The story allows us to dream: hundreds of gold coins lost in the riverbed of the Chaudière River. However, no treasure has been found yet. Legend or reality?
We are in 1775, at the beginning of the War of Independence. George Washington believes he would deal a fatal blow to England if he mobilizes his troops to capture Montréal and Québec City. To conquer the later, he sends an army of 1,100 men, led by Colonel Benedict Arnold.
The troop must run up the Kennebec River, get to Lake Mégantic, find the Chaudière River and besiege Québec City. Punctuated with uncertainty, the expedition is a disaster. Only 674 men of the 1,100 will reach the Lake Mégantic: desertion, disease and disruptiveness wreak havoc in the troops. When they reach Lake Mégantic, there is no more food, no clean clothes. Only four rowboats and the general’s pirogue made it this far.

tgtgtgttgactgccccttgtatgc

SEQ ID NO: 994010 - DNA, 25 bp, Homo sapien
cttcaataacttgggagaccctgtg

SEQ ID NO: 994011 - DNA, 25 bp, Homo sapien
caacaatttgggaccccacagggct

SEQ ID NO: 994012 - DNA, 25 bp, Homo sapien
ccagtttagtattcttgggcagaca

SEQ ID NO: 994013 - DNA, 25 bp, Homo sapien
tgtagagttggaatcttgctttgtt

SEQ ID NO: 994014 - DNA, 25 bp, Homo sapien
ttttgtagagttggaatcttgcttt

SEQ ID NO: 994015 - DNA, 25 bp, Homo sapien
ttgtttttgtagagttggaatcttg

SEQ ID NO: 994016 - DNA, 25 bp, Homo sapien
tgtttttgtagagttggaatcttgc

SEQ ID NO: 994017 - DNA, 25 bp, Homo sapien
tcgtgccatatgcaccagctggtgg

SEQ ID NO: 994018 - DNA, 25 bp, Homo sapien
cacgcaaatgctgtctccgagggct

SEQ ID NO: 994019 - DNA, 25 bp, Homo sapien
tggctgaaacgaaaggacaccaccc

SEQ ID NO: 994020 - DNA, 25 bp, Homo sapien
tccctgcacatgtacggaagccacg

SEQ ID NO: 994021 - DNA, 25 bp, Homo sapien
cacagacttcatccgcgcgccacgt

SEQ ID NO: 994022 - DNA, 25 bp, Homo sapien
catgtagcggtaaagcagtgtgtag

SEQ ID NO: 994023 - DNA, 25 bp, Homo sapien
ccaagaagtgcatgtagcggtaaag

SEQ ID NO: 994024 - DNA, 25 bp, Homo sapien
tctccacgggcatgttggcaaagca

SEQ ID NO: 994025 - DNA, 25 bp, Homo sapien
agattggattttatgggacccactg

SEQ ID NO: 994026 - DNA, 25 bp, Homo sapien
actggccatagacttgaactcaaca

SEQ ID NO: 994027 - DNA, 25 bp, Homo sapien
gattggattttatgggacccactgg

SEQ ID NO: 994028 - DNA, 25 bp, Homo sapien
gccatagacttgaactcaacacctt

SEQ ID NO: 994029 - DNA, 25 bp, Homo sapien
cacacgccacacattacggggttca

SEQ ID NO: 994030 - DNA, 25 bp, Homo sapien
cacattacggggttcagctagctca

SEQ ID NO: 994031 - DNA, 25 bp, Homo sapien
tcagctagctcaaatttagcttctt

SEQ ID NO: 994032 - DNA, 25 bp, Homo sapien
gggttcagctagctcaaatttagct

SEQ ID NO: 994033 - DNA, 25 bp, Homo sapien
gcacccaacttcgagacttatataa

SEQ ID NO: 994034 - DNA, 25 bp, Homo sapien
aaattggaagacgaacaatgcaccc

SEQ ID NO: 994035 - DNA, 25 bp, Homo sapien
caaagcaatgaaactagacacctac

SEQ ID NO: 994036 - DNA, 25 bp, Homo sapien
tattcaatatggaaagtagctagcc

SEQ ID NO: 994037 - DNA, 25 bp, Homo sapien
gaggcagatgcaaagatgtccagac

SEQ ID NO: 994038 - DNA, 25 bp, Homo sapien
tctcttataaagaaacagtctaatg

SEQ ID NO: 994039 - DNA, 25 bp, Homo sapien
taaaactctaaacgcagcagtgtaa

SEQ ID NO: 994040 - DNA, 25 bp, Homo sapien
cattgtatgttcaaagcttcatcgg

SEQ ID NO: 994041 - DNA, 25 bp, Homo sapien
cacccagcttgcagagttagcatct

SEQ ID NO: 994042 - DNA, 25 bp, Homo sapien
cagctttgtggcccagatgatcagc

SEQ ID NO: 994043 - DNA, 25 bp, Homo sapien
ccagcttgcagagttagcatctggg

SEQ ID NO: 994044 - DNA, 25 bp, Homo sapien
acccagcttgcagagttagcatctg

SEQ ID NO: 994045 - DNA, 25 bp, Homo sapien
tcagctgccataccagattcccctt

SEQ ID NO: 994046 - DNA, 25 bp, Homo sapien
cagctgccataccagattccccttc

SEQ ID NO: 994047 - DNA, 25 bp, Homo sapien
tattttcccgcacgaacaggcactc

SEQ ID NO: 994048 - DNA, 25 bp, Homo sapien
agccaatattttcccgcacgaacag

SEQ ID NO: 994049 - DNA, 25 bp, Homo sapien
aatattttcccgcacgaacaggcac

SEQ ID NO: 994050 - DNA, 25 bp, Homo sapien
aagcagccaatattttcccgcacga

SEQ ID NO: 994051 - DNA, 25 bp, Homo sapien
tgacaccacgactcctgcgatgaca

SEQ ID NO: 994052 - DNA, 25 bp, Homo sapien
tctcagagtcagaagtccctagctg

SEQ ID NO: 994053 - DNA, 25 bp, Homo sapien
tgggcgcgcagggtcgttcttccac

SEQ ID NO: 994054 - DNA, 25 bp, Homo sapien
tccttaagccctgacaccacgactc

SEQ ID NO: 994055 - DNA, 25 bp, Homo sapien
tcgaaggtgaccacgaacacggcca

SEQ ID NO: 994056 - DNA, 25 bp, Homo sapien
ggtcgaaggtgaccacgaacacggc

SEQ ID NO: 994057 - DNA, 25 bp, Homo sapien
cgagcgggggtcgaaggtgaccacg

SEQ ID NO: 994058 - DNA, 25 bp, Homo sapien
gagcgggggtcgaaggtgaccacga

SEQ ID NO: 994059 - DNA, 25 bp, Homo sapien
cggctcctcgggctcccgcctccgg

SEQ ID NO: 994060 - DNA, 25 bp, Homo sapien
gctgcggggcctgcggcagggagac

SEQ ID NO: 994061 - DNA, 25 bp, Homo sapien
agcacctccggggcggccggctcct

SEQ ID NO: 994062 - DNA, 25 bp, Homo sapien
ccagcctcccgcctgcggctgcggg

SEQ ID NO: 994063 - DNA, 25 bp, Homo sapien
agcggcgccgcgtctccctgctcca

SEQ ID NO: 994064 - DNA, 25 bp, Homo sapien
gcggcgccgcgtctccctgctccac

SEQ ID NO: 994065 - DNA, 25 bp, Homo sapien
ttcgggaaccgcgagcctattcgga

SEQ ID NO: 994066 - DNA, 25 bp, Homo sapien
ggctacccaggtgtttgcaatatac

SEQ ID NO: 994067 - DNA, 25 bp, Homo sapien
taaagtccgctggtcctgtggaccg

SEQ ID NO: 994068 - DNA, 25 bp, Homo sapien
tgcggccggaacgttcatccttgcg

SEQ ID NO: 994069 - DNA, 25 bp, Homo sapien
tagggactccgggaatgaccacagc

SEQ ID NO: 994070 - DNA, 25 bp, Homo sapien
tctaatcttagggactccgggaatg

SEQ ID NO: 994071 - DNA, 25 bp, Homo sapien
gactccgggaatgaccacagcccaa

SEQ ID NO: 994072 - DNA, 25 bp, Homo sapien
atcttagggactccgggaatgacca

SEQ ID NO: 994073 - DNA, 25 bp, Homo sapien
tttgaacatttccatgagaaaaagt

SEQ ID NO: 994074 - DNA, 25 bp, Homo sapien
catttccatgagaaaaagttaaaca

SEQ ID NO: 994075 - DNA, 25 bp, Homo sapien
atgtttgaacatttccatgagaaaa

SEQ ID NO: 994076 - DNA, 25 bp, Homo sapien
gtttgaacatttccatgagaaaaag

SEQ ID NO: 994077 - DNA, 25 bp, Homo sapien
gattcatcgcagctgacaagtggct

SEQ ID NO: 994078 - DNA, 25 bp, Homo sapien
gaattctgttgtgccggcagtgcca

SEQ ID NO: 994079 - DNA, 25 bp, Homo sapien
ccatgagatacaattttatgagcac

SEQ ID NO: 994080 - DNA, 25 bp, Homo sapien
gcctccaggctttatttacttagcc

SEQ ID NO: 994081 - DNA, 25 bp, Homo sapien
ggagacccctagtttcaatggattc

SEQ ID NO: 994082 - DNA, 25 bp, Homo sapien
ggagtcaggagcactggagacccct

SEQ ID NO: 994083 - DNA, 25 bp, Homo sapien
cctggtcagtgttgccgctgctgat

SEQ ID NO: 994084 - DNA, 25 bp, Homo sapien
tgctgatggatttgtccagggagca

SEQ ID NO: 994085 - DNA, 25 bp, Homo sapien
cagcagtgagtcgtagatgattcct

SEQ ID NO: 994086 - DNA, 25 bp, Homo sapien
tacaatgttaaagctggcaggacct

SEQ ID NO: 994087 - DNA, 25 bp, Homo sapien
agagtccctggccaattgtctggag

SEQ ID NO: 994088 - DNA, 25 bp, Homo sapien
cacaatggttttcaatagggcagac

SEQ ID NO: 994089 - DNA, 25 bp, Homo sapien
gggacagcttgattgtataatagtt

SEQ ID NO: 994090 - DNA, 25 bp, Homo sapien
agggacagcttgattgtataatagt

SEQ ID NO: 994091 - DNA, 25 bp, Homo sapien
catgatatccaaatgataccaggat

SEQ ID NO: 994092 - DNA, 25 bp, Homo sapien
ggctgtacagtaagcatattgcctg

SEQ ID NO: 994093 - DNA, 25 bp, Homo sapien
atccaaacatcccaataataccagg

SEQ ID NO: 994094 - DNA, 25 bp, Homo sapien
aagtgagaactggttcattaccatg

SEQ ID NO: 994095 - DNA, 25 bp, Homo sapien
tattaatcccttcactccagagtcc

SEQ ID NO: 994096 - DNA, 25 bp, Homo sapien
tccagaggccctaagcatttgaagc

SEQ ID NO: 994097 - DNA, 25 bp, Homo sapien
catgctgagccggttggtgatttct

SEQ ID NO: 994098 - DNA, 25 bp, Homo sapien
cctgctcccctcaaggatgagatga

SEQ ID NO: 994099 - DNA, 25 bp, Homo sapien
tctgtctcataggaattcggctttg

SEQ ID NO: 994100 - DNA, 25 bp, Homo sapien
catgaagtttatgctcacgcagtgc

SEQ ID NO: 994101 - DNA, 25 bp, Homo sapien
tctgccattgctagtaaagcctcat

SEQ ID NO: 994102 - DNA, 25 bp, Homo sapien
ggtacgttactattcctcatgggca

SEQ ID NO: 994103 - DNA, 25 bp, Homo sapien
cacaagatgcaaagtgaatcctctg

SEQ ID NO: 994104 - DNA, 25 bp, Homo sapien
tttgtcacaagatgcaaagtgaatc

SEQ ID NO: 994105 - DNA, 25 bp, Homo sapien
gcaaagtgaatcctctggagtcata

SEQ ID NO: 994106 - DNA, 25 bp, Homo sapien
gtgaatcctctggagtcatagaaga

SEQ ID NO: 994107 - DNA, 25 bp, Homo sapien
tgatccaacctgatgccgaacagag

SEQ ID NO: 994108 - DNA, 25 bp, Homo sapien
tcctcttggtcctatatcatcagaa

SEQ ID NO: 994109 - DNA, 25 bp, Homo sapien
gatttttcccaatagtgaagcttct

It is now time to descend the Chaudière River. Rapids destroy the four remaining rowboats. Soldiers have to walk. Then, the general’s pirogue breaks against the rocks. The loss is huge! This pirogue contained all of the general’s personal belongings and documents, as well as a precious chest containing 30,000 sterling pounds. Empty-handed, the general keeps moving forward. It is the beginning of a treasure hunt.
The exact location of the accident, should it be true, is uncertain. In Beauceville or in Saint-Martin, many tried to get their hands on the lost treasure. Professional divers explored the riverbed, in vain. Though the treasure never made anyone rich, people keep talking about it.
Along the river’s pathways, if you look at the banks carefully you might find a lost coin or two...